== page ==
As you might be aware, tax reform bills have passed in both the House and Senate. Both of these bills have some differences and are currently in the process called “reconciliation” to bring one bill to the President for his signature. We will have to wait and see what the final bill includes, but as 2017 is coming to a close rather quickly, there are some year-end “moves” you might want to consider in anticipation of the coming changes for 2018. Most items included in a new tax law will be effective January 1 of 2018, so this year-end’s planning becomes important to obtain the maximum tax benefits. Otherwise, certain deductions may be lost forever.
Here are some planning points for you to consider in light of the anticipated tax law changes:
State and Local Taxes
Currently, real estate taxes are deductible for all property owned by a taxpayer, and all state and local income taxes are deductible.
Under the House and Senate plans, there would be a cap of $10,000 for state and local property taxes ($5,000 for married taxpayers filing separately). The deduction for state and local income taxes potentially might be eliminated altogether.
Therefore, if you are an itemizer, you may want to pay your property tax payments for 2018 ahead of time to include the deduction in your 2017 return. You may also want to consider paying any state and local estimated income taxes in 2017, since the deduction may be lost if you wait until 2018.
Since the tax bills are both doubling the standard deduction for all taxpayers (married filing joint to $24,000 and single to $12,000), many taxpayers will no longer be able to itemize deductions, but will instead just take the increased standard deductions. As a result, this may be the last year many taxpayers obtain a tax benefit for charitable contributions.
Therefore, you may want to consider accelerating any planned donations from 2018 into 2017. This will also make the ability for taxpayers who are taking required minimum distributions from IRA’s to make their charitable contributions directly from an IRA account.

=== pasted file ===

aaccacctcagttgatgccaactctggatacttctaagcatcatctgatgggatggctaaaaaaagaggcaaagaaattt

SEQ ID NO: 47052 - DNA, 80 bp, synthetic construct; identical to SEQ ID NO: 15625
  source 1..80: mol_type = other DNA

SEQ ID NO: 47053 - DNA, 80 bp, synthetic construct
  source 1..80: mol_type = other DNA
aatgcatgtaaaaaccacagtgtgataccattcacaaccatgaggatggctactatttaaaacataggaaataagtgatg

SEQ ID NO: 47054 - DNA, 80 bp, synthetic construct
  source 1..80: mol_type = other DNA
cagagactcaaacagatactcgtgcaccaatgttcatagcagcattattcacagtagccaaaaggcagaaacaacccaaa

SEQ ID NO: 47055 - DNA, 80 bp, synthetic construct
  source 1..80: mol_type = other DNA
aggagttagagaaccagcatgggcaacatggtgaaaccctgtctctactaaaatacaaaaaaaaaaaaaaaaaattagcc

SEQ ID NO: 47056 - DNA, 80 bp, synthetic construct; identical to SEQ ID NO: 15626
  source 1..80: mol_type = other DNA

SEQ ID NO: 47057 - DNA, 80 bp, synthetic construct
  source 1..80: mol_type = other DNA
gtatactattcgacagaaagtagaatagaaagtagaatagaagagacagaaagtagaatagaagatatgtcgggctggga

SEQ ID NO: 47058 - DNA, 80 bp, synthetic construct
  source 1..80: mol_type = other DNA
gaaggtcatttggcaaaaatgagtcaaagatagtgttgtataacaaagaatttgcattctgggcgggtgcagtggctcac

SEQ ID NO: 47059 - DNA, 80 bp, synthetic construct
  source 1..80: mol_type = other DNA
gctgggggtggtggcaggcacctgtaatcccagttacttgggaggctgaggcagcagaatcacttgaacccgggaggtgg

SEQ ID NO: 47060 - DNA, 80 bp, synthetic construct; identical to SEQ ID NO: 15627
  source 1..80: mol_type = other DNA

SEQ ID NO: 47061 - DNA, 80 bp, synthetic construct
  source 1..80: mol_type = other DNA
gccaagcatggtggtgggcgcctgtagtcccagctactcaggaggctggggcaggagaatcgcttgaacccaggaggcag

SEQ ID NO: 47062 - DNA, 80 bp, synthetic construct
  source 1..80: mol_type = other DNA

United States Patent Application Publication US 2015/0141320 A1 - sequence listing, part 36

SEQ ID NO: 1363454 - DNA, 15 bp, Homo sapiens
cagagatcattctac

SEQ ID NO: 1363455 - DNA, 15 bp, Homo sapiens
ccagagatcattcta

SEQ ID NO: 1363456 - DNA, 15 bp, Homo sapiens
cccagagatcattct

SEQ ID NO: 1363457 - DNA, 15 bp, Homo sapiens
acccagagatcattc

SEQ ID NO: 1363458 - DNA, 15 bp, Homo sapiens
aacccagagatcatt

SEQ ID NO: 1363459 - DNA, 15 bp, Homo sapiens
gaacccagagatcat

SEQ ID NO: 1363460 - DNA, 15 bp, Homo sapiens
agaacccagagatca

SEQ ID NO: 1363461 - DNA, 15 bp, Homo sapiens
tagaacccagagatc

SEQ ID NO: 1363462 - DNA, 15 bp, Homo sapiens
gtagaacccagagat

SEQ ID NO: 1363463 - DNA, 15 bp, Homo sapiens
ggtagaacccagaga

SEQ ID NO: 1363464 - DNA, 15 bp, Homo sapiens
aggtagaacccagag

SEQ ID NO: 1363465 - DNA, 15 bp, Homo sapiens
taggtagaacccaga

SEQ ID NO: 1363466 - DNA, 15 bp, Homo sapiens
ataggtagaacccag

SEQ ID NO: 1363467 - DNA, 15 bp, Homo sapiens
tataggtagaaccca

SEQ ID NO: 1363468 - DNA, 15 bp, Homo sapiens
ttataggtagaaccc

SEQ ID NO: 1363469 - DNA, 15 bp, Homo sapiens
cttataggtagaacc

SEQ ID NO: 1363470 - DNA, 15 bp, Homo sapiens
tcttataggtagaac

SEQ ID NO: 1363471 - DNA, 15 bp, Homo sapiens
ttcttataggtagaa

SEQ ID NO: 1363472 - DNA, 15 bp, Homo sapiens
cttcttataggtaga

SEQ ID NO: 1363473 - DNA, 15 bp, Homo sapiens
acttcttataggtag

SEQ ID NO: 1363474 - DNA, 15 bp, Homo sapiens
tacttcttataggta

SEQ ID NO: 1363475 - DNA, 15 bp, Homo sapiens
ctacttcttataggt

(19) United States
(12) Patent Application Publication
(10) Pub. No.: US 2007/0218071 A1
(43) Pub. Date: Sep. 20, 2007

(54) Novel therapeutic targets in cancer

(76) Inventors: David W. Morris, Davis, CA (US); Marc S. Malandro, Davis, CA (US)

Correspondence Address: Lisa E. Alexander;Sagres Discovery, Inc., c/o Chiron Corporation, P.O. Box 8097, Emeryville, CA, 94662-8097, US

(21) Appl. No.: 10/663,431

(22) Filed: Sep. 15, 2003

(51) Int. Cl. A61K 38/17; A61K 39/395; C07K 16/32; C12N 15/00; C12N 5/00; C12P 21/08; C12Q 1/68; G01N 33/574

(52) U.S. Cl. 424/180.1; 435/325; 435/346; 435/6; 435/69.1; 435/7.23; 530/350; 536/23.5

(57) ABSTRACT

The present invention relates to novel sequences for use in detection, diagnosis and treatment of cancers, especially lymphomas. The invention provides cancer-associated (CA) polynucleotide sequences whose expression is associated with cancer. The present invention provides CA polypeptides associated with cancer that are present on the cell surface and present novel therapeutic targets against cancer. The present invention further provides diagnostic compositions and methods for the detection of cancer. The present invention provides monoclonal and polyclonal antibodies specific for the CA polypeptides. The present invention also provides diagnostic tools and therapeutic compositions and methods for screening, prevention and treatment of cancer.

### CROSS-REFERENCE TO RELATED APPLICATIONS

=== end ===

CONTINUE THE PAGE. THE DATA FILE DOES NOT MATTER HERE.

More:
Mortgage Interest and Home Equity Loans
Currently, mortgage interest is deductible for mortgages on a first or second home. The acquisition debt – that is, mortgages obtained to acquire the property – is capped at $1M and home equity indebtedness – defined as debt secured by the home in excess of acquisition debt – is capped at $100K.
The House plan would reduce the mortgage interest deduction limitation to $500K of debt and limit it to the taxpayer’s primary residence only. It would eliminate the interest deduction on home equity indebtedness altogether.
The Senate plan would keep the limitation of $1M on acquisition debt, but would also limit the deduction on home equity indebtedness.
Therefore, you may want to consider paying down any loans where the interest deduction would be eliminated next year.
Currently, medical expenses in excess of 10% of adjusted gross income (7.5% for ages 65 or older) are deductible as an itemized deduction.
Under the House Bill, medical expense deductions would be eliminated. Under the Senate Bill, the deduction is preserved, and the threshold is reduced to 7.5% of adjusted gross income for 2018.
Between the potential for the elimination of the deduction altogether and the increase in the standard deduction, if you currently are near or are close to the 10% limit for 2017, you may want to consider accelerating payments for medical expenses prior to year-end. You may also want to consider scheduling any elective procedures before year-end for you or your dependents.
Other Items to Consider
You will still have the usual decisions to delay or accelerate income and expenses – such as increasing or decreasing 401k or retirement plan contributions, Health Savings Accounts, etc. Investment and capital gain planning will take on a new wrinkle as both bills will now require the use of the FIFO method, instead of the taxpayer having options of methods to recognize gains. If you’re in business, should you buy new assets this year by December 31 when the tax rates are higher, or wait until the rates potentially drop next year?
Both the House and Senate Bills are extremely comprehensive and touch on many other areas, including Alternative Minimum Tax, elimination of other itemized deductions, Alimony, Child Tax Credits, Education Credits, and so on.
Of course, we cannot touch on all topics and scenarios here. Therefore, we would encourage you to reach out to us with any specific questions you may have on your own situation. As these two Bills are reconciled and potentially become law, we will continue to keep you informed. Please contact us with any questions. We are happy to be of service.